I am writing today to announce the closure of the New Mexico Independent. After three and a half years of operation in New Mexico, the board of the American Independent News Network, has decided to shift publication of its news…
Obama calls on Napolitano to work with national labs to thwart terror attacks
In an address to the press about the failed Christmas Day bombing by Umar Farouk Abdulmutallab, President Barack Obama called on Department of Homeland Security Secretary Janet Napolitano to work with the national laboratories to on technology to detect explosives before explosives can get on airplanes.
Earlier this week, Congressman Ben Ray Luján, D-N.M., wrote a letter to Napolitano asking her to consider using Los Alamos National Laboratory technology to help detect liquid explosives.
The Christmas Day terror attack involved Abdulmutallab failing to detonate the explosive PETN reportedly sewn into his underwear while on a flight from Amsterdam to Detroit.
Obama said of the failed attack, “at this stage in the review process it appears that this incident was not the fault of a single individual or organization, but rather a systemic failure across organizations and agencies.”
Later in the address, Obama mentioned the national laboratories; Los Alamos National Laboratory and Sandia National Laboratory are both located in New Mexico.
“And today, I’m directing that the Department of Homeland Security take additional steps, including: strengthening our international partnerships to improve aviation screening and security around the world; greater use of the advanced explosive detection technologies that we already have, including imaging technology; and working aggressively, in cooperation with the Department of Energy and our National Labs, to develop and deploy the next generation of screening technologies,” Obama said in his address to the media according to White House transcripts.
“As we work to address the vulnerabilities this plot has exposed, we must institute systems and technologies that would prevent the specific security breaches on Flight 253 while having the vision and flexibility to deter future threats,” said Luján in a statement sent to the press Wednesday morning. “An overarching objective of these applications is to get the traveling public through security in a rapid manner.”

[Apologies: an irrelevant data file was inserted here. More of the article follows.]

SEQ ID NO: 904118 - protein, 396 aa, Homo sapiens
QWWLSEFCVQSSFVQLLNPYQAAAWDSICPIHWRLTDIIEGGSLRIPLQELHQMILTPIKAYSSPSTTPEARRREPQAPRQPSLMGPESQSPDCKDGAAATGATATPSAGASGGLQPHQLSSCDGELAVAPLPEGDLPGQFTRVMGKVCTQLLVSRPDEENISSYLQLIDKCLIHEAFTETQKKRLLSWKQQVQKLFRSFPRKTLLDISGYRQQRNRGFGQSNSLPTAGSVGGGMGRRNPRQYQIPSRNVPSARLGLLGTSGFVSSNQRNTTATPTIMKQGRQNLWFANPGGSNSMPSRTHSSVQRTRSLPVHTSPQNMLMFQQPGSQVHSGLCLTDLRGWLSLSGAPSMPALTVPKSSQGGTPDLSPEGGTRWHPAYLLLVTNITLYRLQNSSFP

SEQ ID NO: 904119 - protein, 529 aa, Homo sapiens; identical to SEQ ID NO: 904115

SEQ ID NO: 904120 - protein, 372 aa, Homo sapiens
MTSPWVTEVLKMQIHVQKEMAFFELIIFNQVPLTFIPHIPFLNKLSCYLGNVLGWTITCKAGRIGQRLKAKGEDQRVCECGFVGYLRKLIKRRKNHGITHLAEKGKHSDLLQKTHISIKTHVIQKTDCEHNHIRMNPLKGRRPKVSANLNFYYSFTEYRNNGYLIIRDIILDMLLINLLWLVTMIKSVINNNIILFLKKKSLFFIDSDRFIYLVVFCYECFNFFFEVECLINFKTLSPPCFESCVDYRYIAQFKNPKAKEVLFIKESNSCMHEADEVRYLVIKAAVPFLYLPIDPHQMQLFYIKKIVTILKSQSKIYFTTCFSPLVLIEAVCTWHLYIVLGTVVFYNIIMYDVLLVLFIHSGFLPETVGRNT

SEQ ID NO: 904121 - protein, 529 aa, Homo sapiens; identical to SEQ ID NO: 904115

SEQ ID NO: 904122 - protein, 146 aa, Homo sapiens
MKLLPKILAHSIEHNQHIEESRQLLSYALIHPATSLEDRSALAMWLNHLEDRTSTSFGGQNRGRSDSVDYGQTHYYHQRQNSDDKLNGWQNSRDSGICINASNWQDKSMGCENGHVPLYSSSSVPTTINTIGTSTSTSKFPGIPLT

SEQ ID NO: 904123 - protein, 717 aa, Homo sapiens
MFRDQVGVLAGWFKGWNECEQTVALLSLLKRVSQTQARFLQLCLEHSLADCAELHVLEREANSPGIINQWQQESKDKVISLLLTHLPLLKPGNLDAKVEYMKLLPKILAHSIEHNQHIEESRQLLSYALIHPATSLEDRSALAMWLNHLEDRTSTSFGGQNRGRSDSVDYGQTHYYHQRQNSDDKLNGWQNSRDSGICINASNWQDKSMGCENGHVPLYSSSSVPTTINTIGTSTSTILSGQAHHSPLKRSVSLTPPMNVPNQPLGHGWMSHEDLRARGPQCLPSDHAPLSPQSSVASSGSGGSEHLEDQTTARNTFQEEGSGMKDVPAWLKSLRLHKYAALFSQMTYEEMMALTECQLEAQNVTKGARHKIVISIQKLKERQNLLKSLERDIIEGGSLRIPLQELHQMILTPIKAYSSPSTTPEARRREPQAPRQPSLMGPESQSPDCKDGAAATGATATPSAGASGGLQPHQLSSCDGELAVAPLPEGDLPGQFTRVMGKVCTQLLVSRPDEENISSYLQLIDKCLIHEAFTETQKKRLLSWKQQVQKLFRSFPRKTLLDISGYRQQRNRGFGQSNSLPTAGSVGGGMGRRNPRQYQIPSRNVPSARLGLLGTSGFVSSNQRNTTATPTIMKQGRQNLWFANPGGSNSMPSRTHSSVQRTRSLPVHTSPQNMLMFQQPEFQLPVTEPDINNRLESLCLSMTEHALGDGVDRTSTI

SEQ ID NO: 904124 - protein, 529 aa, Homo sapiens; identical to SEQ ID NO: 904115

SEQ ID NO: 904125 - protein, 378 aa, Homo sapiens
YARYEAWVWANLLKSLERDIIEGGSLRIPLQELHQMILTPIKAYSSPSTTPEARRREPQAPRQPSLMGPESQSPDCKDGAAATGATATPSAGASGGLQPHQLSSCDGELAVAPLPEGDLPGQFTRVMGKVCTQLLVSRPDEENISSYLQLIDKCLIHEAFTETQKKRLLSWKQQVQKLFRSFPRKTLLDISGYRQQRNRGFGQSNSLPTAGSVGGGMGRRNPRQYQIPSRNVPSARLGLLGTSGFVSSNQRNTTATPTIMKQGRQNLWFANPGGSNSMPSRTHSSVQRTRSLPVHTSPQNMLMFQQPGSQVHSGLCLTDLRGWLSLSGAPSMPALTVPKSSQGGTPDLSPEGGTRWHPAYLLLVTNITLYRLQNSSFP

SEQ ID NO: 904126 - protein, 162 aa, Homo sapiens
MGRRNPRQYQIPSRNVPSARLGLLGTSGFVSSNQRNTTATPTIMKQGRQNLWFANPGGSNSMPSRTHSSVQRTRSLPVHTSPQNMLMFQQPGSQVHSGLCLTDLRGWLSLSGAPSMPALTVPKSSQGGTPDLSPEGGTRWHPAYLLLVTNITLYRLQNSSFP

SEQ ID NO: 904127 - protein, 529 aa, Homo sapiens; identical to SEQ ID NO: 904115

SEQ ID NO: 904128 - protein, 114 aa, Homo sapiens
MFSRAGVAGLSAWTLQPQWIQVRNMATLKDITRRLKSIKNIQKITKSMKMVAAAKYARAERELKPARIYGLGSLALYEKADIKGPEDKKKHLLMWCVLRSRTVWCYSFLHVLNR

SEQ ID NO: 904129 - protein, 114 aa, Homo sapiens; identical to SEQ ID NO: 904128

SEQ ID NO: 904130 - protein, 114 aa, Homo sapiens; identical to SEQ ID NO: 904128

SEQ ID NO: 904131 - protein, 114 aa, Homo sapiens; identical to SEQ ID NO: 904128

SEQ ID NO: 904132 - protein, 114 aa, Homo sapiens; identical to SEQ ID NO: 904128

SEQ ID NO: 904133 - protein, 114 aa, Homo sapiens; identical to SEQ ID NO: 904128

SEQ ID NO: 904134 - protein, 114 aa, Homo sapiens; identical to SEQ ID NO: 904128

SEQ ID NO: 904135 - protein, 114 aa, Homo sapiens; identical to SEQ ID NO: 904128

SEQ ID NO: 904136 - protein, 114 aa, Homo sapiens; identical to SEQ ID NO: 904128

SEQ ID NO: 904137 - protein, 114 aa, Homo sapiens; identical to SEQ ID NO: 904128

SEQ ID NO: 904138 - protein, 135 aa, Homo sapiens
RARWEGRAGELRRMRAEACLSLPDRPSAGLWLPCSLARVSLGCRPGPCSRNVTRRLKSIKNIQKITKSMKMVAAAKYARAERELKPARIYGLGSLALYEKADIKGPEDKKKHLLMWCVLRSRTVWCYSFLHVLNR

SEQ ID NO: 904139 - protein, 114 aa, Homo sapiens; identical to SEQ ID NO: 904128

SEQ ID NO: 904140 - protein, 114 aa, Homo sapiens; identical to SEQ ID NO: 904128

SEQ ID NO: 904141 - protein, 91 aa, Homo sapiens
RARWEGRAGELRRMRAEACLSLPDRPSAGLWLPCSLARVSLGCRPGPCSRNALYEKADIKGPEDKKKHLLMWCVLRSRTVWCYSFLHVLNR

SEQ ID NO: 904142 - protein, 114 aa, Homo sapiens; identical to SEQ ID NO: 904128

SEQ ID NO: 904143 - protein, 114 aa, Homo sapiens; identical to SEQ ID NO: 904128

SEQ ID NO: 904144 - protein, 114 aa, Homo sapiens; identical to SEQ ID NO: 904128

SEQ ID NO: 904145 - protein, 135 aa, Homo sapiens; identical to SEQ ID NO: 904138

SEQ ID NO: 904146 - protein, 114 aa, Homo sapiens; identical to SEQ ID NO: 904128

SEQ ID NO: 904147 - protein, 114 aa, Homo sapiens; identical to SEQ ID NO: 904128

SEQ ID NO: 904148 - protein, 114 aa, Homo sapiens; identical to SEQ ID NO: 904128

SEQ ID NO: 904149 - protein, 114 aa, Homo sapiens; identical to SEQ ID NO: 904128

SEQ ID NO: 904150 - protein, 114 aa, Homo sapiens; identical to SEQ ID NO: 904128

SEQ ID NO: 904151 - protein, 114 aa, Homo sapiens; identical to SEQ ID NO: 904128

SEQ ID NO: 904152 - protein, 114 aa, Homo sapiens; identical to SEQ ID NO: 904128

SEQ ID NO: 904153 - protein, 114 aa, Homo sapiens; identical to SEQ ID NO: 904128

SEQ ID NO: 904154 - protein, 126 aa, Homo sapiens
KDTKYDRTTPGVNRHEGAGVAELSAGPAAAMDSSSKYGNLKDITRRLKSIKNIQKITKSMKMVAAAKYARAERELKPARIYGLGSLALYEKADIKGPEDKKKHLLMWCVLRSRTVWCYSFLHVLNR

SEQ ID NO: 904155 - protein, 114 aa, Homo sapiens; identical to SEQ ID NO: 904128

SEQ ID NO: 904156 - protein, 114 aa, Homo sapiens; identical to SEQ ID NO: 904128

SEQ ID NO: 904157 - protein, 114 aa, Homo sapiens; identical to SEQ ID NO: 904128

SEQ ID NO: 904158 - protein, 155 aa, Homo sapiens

Luján specifically referred to MagViz technology in the statement.
Los Alamos’ Petr Volegov referenced MagViz technology and its potential aid to airport screening in a pdf file from September of 2009:
Our group built a ULF-MRI instrument, MagViz (R&D 100 Award Winner), specifically designed to screen threat substances at airport screening portals. It was tested successfully at the Albuquerque Sunport in December 2008. MagViz discriminates threats from benign items using the same MR contrast mechanisms for brain imaging. This is presently one of the only non-invasive techniques that can determine chemical composition in multiple unopened bottles, and through opaque and foil containers and without exposure to large magnetic fields.
According to a LANL news release, the technology would “mak[e] airline liquid restrictions obsolete.”
This is not the first time Luján has brought up the MagViz technology. In a March 18, 2009 hearing of the Subcommittee on Transportation Security and Infrastructure Protection of the House Homeland Security Committee, Luján referenced the Magviz technology while speaking to Stephen Lord, the director of Homeland Security and Justice Issues at the Government Accountability Office.
According to a Lexis search, Luján said at the subcommittee hearing, “The national labs are developing technologies that will improve the safety and affordability of air cargo screening and air travel in general. For example, the MagViz scanner is capable of identifying liquids and gels within sealed cargo or baggage using technologies similar to the Magnetic Resonance Imaging systems.”